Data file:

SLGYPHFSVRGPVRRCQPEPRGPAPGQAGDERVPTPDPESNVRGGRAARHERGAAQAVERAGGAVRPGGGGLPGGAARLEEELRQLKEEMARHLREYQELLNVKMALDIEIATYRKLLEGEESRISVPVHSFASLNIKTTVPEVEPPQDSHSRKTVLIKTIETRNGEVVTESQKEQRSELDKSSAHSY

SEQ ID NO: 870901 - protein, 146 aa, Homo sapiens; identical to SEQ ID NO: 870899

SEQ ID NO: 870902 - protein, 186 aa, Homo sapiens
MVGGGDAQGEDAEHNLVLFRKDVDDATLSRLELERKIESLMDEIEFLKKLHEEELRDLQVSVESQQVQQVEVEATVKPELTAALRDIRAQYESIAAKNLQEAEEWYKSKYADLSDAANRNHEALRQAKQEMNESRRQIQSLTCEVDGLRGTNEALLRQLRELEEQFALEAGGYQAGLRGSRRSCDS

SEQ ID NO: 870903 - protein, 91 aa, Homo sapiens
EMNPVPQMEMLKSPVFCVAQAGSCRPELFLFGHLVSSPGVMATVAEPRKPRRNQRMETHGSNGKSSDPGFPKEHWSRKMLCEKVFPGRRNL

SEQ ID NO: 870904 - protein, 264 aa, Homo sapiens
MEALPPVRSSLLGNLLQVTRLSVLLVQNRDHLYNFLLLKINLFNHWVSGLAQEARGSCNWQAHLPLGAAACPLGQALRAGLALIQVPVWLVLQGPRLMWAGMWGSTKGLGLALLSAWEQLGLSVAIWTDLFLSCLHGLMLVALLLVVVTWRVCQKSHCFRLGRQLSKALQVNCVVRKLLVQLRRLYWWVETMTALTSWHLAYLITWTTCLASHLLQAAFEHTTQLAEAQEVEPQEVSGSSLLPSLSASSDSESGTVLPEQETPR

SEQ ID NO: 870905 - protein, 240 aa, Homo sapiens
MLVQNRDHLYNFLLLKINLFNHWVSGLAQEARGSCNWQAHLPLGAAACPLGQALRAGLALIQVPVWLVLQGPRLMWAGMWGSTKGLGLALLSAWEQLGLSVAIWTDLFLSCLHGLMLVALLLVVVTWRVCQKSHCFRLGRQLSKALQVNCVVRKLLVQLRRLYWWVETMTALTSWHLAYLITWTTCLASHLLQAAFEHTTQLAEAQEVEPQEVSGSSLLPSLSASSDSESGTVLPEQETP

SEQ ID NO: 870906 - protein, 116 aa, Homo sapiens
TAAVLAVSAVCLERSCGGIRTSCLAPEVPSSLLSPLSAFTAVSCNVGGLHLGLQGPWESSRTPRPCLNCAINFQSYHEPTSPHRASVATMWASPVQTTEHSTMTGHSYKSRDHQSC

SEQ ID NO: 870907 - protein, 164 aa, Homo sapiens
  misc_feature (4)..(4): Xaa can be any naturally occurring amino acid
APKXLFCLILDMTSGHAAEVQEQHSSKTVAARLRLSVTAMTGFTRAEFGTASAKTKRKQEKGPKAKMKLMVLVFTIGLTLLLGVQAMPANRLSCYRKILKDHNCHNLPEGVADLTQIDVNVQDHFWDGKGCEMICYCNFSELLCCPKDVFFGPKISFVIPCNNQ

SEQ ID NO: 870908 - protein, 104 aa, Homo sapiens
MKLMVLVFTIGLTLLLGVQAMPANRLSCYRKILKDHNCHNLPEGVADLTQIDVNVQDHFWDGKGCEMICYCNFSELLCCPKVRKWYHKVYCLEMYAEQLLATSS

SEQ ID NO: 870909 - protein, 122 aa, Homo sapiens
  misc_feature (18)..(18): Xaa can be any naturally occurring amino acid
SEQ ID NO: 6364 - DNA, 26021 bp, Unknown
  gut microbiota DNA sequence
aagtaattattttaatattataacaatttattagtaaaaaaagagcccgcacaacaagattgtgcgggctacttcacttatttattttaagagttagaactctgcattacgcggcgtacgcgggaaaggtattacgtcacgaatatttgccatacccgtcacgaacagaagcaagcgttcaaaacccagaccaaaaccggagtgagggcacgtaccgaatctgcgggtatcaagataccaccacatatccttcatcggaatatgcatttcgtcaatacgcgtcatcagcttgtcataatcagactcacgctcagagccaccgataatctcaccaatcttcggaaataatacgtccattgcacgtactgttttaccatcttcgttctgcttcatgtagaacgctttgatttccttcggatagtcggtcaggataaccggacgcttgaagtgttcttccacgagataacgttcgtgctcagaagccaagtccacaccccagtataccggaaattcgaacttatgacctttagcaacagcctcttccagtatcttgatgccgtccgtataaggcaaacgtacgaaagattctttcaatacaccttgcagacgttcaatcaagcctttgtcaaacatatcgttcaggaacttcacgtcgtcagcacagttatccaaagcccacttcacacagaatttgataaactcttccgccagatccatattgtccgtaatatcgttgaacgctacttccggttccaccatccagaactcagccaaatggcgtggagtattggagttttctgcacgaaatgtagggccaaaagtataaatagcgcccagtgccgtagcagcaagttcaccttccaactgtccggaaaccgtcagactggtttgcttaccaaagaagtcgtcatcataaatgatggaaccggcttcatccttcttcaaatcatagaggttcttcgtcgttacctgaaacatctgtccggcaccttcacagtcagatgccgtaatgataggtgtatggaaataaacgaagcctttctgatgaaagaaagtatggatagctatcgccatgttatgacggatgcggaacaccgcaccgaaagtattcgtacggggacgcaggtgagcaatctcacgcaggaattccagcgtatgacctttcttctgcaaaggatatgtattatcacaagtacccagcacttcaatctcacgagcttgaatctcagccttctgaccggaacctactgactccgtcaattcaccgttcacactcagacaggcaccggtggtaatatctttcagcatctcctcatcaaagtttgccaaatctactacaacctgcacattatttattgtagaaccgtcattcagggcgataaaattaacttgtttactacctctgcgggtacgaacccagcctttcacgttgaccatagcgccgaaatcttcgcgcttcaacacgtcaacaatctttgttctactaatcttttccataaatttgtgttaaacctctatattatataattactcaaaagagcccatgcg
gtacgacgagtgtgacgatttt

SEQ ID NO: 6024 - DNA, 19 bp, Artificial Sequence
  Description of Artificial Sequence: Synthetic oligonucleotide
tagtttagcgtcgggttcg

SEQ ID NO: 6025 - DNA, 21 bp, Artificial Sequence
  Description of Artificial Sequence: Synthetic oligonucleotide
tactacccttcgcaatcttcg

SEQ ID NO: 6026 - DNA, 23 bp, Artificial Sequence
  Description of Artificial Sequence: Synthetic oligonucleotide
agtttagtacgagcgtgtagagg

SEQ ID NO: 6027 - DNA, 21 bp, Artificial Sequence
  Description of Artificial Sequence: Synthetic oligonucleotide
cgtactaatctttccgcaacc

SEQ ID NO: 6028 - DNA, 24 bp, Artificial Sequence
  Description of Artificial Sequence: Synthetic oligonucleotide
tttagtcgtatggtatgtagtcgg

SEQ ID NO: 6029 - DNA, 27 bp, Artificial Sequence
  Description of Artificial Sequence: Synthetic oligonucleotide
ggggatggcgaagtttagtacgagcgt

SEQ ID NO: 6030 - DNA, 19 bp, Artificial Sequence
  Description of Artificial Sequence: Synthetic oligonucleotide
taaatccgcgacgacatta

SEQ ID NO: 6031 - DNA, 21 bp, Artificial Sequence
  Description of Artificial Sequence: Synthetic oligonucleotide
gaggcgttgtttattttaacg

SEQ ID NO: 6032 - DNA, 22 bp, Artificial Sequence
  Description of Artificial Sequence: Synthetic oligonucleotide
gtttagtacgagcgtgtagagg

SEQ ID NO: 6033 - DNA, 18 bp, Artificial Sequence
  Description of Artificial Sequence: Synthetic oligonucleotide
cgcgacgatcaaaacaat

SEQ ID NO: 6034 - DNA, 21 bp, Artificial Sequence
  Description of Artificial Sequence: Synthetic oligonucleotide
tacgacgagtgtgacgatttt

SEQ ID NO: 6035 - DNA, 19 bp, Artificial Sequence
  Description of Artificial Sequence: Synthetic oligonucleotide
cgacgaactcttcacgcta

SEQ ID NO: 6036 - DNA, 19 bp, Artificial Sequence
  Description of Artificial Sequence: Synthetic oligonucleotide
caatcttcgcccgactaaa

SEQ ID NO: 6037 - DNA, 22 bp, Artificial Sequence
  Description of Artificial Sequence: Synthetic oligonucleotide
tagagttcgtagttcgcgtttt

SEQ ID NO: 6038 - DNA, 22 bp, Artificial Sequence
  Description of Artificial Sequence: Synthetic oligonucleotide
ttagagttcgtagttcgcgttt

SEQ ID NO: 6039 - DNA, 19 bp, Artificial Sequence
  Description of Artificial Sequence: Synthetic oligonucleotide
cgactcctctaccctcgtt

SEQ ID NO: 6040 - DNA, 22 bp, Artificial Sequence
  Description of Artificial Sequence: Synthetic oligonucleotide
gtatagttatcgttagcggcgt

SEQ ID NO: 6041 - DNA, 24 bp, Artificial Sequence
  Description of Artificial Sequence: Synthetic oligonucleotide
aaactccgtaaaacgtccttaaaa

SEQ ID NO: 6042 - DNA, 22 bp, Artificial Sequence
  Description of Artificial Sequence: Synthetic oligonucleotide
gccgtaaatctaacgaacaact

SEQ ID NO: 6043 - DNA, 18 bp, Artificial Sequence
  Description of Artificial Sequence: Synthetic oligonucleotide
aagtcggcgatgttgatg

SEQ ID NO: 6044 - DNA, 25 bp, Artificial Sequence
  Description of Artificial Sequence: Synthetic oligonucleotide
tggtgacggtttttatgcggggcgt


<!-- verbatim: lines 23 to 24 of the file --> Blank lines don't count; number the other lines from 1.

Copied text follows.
gtacgacgagtgtgacgatttt

SEQ ID NO: 6024 - DNA, 19 bp, Artificial Sequence